This apathy towards enforcement at a government level has led to many in the industry questioning whether, if it is not being properly enforced, the Act should be repealed. Having said that I think it fair to say that currently this still remains the minority view.

Reaching this stage

So how did we get to the point where the word ‘repeal’ is even being thought, let alone said out loud?

There is no denying that the cash ban has impacted scrap metal dealers’ business model. Surprisingly it is the lower-value deals that have been affected or curtailed the most. Whereas before the ban, members could pay cash for single, low-value items, now the cost of processing the transaction, be it by cheque or electronic payment, often costs more than the value of the metals offered for sale. While we recognise that the cash ban has led to a loss of smaller transactions, a de minimis on cash payments would have been open to abuse.

In fact, one of the main reasons for the implementation of the Act and the introduction of the cash ban was to reduce the market for stolen metal.

In the run-up to the 2012 Olympic Games in London, there was real concern that endemic levels of metal theft of transport system cable in particular would negatively impact the success of the Games.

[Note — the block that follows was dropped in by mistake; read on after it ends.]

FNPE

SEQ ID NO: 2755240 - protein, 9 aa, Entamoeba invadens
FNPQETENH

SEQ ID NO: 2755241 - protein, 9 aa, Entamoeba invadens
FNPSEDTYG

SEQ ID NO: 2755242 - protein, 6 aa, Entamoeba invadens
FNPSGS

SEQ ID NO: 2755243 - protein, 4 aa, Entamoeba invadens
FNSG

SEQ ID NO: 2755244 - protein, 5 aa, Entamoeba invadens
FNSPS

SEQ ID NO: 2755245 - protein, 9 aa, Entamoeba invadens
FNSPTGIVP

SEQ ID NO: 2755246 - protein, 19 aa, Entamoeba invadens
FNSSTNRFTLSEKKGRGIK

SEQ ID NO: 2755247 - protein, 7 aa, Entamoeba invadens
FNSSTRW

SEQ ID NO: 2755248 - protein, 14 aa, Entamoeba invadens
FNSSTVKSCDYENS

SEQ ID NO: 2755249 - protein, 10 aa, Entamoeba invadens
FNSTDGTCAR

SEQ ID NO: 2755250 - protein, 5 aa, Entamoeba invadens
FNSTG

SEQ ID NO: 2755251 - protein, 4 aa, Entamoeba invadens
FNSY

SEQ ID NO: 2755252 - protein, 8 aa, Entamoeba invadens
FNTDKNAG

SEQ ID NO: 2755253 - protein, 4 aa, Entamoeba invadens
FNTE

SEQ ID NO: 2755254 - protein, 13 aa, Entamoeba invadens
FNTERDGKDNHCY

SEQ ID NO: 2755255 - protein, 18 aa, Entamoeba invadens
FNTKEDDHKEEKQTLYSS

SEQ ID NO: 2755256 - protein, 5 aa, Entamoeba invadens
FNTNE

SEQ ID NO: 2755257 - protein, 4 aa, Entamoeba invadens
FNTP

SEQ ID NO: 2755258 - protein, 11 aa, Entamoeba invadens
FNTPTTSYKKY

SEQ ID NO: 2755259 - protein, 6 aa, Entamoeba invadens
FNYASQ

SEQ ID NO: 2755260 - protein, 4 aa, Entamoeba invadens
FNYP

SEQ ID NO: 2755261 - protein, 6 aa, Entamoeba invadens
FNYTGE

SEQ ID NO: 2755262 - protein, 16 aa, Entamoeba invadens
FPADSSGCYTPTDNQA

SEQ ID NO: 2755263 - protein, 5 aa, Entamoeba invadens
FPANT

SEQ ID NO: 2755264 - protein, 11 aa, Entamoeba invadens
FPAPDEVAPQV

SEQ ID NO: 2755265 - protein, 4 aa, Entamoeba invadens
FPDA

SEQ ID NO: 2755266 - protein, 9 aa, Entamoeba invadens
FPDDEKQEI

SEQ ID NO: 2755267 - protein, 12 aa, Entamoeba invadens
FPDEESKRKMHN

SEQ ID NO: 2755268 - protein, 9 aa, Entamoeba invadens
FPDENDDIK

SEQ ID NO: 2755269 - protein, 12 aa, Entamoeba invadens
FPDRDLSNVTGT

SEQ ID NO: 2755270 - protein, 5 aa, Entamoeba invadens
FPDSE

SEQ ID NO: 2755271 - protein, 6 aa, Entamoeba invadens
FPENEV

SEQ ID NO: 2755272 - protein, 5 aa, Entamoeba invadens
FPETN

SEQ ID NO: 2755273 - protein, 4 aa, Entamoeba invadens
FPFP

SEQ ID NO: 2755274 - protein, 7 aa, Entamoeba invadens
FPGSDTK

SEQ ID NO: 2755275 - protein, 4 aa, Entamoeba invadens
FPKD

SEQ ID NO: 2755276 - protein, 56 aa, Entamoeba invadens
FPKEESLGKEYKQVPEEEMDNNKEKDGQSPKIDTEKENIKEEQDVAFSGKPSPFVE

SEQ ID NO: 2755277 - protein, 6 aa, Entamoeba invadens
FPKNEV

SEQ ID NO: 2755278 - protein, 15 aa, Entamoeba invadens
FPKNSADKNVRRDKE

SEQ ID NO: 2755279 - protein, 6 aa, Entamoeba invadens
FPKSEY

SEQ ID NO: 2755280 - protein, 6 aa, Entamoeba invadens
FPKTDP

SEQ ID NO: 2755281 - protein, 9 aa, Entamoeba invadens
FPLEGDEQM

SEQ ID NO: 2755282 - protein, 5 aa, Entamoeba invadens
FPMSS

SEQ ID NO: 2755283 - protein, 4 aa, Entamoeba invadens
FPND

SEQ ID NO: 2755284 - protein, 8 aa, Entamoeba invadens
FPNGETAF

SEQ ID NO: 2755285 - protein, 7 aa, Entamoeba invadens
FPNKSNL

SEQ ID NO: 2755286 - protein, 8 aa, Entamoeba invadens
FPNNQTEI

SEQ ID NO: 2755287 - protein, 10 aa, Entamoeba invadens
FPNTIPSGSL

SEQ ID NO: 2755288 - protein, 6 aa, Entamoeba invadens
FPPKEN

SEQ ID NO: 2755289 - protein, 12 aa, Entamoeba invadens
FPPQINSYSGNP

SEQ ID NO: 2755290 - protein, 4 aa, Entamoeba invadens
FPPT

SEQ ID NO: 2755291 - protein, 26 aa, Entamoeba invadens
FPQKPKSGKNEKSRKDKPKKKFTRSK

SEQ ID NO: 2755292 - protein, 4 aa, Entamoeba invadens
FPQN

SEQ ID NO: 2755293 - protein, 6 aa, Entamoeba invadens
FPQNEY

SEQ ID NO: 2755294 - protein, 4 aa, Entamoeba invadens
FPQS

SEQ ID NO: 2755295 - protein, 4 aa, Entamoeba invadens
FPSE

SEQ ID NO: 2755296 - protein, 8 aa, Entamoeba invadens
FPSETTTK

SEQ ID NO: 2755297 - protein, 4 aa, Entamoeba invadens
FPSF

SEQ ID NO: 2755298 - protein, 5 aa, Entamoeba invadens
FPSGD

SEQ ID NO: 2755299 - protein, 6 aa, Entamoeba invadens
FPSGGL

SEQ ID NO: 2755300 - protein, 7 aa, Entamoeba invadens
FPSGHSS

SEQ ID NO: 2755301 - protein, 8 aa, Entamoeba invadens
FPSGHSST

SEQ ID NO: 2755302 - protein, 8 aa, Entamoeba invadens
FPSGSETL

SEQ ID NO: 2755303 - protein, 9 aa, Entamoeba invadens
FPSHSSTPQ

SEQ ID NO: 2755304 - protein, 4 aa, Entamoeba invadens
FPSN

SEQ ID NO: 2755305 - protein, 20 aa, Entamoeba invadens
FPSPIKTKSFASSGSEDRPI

While it is true to say that since the introduction of the SMDA, metal theft figures have steadily declined, this decline is not purely down to the cash ban and increased identification requirements. In simple terms, in the face of a global slump in the price of metals, markedly less metal is being traded.

In short, with smaller margins there is less incentive for criminals to steal metals and, unlike legal entities, they are unlikely to store it while waiting for a better price.

Metal theft

Nevertheless, the BMRA, also regularly targeted by thieves, accept that while greatly reduced, metal theft is still an issue. It is an important issue and one that we want to fight alongside the police services.

For example, we recently issued an alert with South Cambridgeshire police about the theft of 50m2 sections of lead being stolen from a cluster of churches in the country.

Furthermore, recognising that dealers that are willing to pay cash are less likely to be properly licensed and more likely to accept stolen metal, we have also set up a dedicated anonymous reporting system so scrap metal dealers and members of the public can report yards offering cash.

However, the issue still comes back to enforcement. There is clearly a problem with unscrupulous yards accepting stolen metal, paying cash, not doing their due diligence on customers and not being caught.